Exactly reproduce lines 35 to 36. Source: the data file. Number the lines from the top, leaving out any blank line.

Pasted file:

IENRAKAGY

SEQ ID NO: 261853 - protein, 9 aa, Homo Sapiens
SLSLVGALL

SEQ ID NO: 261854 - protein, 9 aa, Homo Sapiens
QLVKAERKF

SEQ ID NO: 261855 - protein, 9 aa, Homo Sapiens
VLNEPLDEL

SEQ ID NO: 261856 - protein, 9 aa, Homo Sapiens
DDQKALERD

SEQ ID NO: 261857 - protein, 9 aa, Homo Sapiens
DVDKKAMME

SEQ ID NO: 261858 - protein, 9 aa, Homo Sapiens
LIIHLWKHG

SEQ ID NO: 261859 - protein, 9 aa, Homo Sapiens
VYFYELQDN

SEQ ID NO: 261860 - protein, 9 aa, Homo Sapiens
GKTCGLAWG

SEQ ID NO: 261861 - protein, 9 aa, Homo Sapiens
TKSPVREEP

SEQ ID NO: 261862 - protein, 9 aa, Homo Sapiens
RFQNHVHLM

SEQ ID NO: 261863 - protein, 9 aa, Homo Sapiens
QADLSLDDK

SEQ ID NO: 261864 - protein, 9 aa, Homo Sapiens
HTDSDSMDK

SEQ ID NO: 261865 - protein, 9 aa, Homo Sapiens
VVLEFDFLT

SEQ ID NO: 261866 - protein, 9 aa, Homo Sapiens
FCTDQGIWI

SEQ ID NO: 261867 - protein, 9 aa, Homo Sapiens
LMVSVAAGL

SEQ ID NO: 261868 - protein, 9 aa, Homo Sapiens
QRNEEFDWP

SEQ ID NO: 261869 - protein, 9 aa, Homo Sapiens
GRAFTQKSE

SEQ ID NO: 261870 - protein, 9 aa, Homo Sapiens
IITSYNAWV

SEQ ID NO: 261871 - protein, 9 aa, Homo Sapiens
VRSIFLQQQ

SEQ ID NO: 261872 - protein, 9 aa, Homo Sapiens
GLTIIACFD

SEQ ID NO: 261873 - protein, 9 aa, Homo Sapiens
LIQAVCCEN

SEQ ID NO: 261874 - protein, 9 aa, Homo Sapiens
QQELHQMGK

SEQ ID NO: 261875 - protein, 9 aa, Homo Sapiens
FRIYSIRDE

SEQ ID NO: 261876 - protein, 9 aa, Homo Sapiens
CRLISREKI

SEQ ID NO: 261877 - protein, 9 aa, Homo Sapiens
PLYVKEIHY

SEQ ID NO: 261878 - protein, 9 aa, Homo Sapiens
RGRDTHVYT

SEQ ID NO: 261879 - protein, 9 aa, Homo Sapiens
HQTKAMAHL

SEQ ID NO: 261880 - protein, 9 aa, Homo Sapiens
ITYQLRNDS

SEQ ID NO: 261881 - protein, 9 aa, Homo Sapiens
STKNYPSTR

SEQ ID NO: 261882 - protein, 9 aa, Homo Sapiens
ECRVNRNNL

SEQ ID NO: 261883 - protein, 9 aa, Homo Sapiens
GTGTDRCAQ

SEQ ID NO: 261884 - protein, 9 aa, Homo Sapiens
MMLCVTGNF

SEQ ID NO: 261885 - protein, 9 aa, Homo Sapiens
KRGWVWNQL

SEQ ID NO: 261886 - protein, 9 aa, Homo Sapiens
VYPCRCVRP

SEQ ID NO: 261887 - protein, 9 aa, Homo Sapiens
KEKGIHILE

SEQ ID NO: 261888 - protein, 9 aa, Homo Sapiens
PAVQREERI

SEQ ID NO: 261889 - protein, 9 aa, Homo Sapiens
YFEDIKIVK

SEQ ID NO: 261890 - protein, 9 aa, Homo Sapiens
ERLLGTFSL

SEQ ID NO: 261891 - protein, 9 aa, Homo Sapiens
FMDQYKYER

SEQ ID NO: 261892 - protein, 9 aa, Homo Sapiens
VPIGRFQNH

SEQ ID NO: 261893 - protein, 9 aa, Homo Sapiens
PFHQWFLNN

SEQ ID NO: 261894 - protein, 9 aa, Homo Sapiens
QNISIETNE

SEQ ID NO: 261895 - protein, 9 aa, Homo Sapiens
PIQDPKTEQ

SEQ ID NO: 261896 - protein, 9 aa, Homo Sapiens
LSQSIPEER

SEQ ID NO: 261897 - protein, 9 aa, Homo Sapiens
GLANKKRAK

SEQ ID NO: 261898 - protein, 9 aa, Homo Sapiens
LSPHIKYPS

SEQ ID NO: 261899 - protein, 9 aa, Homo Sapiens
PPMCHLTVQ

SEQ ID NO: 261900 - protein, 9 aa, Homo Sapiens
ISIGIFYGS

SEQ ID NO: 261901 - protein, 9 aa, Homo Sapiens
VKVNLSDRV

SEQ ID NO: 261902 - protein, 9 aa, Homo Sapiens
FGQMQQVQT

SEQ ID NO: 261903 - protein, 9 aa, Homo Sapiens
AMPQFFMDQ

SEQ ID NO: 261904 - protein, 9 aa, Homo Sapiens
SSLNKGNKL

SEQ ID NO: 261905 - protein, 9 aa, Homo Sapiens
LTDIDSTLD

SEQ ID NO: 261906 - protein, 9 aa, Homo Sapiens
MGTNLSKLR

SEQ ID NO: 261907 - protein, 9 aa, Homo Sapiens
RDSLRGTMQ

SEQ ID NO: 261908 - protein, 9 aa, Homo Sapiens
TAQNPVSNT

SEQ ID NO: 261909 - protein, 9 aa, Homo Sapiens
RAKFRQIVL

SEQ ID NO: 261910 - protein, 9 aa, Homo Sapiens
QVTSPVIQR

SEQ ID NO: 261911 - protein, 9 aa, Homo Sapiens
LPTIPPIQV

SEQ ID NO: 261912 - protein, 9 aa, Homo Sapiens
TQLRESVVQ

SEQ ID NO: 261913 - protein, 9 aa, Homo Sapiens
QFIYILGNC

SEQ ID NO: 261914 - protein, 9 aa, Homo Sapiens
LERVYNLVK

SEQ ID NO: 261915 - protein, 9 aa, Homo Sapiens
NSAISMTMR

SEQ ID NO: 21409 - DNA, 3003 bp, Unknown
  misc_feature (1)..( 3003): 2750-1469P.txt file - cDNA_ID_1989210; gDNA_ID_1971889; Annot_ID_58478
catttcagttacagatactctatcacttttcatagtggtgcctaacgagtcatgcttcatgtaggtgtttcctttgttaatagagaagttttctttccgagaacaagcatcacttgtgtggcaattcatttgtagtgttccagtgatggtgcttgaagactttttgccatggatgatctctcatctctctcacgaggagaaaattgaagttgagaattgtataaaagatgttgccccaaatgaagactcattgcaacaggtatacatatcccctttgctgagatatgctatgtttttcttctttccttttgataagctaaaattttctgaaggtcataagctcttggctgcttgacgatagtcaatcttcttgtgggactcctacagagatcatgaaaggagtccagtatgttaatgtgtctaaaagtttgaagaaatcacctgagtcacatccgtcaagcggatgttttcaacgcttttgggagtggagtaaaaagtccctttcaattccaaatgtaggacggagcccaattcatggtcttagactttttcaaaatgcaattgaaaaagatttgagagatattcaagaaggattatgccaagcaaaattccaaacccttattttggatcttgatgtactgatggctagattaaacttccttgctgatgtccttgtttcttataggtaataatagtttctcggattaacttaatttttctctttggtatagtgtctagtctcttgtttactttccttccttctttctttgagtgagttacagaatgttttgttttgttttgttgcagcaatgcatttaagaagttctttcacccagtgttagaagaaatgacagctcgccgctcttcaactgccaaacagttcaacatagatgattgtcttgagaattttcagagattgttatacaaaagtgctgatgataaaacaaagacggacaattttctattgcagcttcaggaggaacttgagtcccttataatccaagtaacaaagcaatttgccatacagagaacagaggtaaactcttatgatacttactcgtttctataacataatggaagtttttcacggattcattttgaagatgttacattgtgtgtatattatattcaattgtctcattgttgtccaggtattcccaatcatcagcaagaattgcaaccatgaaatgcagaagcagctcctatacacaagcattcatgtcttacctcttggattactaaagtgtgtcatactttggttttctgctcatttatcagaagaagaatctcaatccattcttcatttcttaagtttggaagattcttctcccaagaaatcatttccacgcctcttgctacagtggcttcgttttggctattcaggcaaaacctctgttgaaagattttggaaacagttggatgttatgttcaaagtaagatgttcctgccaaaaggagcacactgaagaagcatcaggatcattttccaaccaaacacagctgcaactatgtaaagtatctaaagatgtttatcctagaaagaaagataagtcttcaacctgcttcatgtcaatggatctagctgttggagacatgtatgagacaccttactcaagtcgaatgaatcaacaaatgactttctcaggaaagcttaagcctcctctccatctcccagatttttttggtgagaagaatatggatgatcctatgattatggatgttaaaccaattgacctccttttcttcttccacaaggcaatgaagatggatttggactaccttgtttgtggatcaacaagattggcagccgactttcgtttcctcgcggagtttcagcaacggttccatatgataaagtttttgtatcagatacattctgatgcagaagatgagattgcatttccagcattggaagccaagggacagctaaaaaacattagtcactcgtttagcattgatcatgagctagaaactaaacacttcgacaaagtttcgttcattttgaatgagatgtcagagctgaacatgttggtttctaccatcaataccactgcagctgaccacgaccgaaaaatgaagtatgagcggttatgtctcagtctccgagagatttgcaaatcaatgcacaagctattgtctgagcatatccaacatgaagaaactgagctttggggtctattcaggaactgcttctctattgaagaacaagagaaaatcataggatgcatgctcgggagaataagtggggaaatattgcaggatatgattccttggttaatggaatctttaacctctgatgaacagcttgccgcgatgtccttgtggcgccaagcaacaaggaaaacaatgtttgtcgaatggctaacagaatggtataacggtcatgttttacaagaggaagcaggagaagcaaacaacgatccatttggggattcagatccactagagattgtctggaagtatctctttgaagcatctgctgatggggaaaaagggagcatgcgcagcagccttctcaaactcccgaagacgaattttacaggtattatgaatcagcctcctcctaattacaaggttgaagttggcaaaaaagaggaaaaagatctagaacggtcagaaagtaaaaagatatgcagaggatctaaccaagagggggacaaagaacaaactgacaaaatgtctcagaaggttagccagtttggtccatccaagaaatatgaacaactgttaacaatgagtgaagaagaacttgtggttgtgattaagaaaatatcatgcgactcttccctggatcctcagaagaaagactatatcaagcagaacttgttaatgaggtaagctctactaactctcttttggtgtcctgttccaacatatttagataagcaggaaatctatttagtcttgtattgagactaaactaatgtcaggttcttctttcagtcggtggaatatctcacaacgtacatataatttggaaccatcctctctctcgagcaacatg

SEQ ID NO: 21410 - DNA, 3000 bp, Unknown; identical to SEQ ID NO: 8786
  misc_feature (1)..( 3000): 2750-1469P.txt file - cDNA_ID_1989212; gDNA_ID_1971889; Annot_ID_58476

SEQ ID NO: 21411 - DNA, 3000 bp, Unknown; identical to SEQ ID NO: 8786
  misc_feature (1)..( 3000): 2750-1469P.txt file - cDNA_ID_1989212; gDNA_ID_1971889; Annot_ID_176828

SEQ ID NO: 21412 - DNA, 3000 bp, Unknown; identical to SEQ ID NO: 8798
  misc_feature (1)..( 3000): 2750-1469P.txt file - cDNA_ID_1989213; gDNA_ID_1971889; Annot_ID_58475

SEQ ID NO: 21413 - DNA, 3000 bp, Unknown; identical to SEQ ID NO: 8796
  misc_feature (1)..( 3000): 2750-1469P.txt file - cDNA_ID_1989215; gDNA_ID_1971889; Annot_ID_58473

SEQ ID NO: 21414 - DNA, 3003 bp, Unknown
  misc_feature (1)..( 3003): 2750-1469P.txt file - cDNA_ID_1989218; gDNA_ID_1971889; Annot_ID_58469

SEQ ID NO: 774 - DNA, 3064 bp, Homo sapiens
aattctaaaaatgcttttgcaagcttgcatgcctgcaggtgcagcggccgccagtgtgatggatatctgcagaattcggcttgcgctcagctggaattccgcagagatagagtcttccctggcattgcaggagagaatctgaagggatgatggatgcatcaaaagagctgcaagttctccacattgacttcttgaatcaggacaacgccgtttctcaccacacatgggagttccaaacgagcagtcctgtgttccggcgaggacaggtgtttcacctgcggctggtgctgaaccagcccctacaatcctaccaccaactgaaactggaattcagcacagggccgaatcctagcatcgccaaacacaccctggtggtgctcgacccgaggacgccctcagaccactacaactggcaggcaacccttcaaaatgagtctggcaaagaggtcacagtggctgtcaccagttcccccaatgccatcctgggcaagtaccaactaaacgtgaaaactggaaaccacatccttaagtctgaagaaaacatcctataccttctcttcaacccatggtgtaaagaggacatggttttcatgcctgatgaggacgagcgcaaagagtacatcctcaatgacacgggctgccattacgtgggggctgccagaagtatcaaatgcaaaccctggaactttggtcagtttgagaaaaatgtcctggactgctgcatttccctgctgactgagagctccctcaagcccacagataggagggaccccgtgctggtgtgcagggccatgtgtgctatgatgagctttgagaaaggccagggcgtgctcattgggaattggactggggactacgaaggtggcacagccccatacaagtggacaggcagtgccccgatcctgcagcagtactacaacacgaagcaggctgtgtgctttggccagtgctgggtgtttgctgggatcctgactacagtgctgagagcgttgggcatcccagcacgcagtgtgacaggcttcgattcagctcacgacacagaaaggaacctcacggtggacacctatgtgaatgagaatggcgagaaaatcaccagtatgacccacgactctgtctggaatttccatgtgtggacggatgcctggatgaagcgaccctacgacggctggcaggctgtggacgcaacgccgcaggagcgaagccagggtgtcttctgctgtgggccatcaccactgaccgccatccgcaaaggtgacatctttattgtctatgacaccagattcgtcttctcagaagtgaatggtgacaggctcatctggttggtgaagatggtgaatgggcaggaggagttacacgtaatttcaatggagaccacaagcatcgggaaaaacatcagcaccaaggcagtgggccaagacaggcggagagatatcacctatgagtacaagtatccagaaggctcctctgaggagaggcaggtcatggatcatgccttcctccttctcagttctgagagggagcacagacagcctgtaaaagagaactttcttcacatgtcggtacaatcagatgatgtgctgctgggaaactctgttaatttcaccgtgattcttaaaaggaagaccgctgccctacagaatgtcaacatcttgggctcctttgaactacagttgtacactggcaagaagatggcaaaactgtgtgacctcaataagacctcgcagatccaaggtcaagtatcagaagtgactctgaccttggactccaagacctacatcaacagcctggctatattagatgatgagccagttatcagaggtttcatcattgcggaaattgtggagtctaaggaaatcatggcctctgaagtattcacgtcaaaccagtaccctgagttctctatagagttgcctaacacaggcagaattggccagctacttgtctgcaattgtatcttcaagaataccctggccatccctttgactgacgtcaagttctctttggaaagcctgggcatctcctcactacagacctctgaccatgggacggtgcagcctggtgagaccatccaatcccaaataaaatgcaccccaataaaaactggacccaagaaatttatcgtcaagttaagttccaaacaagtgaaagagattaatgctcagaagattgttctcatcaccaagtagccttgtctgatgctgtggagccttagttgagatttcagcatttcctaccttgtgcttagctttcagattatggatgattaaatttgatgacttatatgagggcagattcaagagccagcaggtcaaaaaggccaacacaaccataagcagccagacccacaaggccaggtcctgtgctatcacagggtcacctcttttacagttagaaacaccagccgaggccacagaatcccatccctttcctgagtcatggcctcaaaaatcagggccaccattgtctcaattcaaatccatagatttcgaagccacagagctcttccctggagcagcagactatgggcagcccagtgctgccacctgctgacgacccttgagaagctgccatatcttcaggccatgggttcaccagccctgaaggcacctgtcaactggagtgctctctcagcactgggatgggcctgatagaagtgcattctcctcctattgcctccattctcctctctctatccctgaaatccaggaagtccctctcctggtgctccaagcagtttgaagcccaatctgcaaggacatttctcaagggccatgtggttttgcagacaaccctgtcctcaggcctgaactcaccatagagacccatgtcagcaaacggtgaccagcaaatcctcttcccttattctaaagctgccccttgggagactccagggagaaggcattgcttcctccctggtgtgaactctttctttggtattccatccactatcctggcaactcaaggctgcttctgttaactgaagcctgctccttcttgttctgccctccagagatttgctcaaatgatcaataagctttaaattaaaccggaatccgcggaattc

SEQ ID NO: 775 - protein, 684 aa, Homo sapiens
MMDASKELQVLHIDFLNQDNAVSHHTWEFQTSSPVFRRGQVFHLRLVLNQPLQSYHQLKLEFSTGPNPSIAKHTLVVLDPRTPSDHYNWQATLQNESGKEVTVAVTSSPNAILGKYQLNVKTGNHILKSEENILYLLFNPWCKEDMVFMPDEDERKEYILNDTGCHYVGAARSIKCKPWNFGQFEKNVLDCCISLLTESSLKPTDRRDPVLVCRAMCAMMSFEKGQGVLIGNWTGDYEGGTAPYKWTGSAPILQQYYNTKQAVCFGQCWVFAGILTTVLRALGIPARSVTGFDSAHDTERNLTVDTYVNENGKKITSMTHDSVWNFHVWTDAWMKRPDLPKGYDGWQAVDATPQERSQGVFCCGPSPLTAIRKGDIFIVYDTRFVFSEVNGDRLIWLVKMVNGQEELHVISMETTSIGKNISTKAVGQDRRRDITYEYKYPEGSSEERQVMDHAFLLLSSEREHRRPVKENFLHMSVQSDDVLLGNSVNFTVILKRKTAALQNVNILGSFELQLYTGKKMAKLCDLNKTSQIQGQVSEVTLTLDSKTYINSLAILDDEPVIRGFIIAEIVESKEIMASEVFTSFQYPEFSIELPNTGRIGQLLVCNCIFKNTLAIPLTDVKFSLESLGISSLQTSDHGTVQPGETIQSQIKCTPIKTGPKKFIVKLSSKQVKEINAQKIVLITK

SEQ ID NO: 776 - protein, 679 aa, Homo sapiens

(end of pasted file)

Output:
GRAFTQKSE

SEQ ID NO: 261870 - protein, 9 aa, Homo Sapiens